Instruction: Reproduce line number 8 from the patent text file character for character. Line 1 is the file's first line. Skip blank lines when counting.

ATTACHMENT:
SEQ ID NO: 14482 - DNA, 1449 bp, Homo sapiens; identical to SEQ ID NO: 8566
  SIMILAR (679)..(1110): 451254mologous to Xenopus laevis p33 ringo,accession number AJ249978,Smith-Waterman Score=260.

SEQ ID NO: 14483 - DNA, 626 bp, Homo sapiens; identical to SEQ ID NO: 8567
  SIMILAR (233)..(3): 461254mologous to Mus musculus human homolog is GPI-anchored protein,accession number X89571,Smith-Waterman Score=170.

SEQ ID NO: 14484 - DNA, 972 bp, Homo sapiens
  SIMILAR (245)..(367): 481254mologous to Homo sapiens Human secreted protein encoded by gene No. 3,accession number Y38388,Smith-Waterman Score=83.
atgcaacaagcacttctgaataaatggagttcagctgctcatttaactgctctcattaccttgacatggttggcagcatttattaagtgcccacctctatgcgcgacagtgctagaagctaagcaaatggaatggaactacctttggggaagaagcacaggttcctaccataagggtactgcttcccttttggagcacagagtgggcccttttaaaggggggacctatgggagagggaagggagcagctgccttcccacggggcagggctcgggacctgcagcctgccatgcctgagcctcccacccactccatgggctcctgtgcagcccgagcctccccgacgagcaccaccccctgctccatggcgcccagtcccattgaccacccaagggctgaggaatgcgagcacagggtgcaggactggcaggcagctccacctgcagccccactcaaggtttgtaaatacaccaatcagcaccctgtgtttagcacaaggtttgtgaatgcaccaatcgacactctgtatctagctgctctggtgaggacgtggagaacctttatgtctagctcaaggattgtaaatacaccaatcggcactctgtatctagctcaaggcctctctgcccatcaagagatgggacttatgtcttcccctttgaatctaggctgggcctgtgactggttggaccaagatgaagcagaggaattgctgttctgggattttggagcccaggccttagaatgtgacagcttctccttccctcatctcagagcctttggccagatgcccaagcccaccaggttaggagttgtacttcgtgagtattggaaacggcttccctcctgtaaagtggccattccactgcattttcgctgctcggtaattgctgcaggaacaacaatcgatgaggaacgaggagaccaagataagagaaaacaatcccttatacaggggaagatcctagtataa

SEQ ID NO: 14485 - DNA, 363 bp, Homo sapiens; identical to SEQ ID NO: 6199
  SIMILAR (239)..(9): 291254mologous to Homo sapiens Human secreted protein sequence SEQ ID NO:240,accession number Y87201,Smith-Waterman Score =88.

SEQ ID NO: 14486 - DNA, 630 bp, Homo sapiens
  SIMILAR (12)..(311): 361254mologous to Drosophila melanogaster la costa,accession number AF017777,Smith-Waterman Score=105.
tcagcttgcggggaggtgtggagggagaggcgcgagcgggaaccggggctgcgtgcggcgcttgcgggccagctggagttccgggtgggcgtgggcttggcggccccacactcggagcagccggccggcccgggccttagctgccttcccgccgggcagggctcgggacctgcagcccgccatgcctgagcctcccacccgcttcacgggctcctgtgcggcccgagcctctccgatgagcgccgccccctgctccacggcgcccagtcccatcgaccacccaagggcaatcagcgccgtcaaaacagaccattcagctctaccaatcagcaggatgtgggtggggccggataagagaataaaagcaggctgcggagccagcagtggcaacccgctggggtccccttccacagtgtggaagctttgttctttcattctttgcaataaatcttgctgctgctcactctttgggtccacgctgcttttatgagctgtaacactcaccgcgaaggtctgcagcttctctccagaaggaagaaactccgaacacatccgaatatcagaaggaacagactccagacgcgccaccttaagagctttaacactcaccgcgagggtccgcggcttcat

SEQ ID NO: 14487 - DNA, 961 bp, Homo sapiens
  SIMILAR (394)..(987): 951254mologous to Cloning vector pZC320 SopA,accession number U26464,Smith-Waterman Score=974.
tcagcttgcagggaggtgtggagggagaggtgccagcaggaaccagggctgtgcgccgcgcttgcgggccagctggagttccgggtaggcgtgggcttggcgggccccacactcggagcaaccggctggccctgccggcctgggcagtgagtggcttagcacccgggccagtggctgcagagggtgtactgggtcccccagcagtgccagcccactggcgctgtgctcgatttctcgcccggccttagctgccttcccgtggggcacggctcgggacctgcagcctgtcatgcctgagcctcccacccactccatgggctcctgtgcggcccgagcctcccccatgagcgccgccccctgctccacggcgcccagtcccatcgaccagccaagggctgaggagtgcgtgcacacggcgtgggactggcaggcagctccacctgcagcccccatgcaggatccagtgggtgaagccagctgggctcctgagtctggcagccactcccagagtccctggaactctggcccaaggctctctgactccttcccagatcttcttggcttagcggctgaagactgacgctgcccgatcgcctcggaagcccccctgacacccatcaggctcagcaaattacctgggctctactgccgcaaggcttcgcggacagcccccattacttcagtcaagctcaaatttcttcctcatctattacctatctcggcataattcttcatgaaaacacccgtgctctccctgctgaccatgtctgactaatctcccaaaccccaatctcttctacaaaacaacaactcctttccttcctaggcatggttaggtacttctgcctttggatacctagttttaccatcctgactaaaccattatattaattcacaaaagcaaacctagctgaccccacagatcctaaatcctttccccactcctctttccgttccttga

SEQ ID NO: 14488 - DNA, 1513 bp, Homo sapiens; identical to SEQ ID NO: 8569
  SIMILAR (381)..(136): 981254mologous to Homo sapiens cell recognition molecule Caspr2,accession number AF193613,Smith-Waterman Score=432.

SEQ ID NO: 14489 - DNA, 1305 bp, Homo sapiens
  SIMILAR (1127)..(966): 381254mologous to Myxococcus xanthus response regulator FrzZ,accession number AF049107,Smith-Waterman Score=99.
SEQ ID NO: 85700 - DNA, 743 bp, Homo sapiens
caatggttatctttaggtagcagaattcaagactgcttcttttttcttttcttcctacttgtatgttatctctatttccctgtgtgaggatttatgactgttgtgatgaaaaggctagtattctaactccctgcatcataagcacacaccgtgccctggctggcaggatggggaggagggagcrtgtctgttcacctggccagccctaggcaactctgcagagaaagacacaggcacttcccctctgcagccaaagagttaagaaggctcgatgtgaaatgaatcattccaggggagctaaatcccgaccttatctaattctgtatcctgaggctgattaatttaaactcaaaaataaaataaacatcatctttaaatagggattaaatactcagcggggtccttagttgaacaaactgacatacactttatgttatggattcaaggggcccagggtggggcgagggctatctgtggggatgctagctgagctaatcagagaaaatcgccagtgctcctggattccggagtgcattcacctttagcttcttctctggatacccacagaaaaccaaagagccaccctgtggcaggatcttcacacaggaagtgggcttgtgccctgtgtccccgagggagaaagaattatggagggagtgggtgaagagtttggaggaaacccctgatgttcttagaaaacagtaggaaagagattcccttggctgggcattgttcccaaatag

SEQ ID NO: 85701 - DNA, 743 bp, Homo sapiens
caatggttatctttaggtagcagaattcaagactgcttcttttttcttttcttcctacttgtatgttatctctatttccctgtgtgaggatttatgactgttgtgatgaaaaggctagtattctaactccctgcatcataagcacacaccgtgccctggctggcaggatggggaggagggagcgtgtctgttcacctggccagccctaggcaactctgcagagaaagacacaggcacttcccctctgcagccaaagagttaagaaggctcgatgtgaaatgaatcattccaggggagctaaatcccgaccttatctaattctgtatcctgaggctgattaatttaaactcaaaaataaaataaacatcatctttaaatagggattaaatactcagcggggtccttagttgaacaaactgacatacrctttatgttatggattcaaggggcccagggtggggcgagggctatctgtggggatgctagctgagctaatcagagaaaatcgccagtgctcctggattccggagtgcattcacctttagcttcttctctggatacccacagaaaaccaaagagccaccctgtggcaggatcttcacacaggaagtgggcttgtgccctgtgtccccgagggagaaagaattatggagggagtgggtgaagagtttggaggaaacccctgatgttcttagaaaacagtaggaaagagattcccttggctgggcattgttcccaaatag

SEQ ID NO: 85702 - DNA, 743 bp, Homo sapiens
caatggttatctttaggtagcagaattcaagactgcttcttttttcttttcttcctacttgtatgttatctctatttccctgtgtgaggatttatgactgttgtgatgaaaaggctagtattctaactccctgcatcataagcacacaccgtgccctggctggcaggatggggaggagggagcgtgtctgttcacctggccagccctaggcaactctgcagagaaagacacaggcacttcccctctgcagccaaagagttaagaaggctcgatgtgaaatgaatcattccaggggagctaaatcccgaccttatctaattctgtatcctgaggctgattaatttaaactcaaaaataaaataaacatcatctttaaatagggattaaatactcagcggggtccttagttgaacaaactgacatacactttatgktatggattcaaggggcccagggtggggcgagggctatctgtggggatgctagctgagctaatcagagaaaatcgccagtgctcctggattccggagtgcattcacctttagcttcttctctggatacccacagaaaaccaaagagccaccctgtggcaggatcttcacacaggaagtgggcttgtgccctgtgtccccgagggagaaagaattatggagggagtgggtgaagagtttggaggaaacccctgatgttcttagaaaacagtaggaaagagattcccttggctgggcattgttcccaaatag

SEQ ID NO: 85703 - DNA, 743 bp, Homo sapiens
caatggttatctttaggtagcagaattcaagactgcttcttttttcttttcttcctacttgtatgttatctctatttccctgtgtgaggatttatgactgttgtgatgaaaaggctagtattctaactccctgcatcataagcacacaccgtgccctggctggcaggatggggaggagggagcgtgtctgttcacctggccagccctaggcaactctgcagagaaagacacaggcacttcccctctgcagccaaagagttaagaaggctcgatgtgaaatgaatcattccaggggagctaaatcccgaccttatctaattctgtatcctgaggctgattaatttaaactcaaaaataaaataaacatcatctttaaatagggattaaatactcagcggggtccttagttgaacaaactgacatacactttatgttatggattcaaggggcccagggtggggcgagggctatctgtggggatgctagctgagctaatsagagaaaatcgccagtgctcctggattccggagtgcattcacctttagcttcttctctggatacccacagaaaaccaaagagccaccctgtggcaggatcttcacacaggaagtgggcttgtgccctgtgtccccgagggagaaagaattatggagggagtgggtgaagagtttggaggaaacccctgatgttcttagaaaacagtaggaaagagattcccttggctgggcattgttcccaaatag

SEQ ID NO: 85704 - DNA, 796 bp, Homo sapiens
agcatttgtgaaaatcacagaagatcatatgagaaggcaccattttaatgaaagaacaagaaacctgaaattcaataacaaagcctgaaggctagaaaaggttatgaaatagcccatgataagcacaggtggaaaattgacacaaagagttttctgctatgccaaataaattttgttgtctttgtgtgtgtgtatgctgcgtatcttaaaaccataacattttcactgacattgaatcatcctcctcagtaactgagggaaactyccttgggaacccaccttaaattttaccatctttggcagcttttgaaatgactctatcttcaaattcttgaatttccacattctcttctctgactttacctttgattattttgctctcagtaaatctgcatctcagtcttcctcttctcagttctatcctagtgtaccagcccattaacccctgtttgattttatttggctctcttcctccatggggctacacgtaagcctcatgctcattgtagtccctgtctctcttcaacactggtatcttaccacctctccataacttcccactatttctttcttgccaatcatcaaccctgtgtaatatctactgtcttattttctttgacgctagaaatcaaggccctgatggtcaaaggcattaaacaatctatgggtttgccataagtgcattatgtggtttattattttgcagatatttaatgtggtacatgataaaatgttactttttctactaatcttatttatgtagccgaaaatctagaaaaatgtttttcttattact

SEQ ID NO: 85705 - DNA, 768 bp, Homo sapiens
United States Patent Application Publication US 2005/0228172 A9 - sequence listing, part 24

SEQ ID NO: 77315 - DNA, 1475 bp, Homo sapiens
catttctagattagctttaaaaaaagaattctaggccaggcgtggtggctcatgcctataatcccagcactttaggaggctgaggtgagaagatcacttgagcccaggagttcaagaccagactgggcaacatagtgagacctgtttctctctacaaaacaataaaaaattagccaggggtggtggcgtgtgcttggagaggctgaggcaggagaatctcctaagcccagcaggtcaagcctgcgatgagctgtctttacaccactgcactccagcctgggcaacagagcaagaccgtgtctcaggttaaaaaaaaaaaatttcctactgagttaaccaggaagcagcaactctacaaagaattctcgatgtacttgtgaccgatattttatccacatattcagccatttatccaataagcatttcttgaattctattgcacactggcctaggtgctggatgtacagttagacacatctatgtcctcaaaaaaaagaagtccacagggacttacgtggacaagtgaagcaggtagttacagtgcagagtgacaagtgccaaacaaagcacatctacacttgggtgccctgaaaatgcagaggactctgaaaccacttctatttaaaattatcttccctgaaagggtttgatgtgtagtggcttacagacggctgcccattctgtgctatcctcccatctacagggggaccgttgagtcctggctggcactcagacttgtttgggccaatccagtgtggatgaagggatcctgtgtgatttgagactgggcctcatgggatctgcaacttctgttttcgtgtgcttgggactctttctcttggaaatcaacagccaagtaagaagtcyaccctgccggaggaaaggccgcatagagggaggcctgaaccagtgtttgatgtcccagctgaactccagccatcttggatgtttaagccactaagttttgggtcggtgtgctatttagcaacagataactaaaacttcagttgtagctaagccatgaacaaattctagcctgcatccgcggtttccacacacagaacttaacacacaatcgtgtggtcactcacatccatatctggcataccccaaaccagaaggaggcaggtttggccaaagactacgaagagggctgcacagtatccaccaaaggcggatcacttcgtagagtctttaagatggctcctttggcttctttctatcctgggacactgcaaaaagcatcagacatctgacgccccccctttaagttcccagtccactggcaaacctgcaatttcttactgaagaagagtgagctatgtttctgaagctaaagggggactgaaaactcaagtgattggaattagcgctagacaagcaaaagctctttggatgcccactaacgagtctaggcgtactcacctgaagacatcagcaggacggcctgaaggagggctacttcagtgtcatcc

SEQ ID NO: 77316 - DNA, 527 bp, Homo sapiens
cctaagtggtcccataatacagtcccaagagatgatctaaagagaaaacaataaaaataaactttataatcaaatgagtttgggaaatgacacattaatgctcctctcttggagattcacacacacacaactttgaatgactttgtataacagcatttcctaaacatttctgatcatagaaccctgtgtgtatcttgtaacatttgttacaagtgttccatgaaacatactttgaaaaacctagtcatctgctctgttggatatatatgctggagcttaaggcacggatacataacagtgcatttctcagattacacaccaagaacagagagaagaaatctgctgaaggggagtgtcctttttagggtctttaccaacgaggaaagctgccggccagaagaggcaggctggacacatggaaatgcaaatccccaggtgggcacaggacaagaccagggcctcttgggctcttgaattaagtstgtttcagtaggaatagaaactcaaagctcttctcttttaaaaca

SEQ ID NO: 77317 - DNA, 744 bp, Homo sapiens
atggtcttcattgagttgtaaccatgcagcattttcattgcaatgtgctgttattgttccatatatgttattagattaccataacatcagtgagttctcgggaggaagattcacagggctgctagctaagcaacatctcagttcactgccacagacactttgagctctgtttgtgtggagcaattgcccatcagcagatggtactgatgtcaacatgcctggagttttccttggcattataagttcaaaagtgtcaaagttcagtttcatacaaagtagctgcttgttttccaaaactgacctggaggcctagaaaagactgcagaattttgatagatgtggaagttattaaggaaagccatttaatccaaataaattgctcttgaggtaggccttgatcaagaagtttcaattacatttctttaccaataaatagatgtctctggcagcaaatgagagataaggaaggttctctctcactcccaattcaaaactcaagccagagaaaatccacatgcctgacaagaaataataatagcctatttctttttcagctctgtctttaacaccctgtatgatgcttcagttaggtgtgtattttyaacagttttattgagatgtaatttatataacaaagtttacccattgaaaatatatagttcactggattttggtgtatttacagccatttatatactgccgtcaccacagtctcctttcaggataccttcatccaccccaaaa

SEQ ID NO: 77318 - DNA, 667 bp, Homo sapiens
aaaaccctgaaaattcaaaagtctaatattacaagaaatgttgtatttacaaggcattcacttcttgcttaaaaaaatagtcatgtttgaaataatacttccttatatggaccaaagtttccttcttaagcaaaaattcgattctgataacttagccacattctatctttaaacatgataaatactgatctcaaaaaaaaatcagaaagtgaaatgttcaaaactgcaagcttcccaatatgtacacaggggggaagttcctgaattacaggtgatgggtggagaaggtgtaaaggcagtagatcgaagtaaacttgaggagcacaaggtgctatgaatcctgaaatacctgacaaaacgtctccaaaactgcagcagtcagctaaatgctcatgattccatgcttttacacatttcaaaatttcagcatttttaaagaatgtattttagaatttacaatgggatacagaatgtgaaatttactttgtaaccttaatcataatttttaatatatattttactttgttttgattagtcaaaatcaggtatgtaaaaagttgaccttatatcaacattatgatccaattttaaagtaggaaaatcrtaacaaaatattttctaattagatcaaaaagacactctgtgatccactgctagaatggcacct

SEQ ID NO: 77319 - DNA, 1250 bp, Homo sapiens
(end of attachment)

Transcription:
SEQ ID NO: 14485 - DNA, 363 bp, Homo sapiens; identical to SEQ ID NO: 6199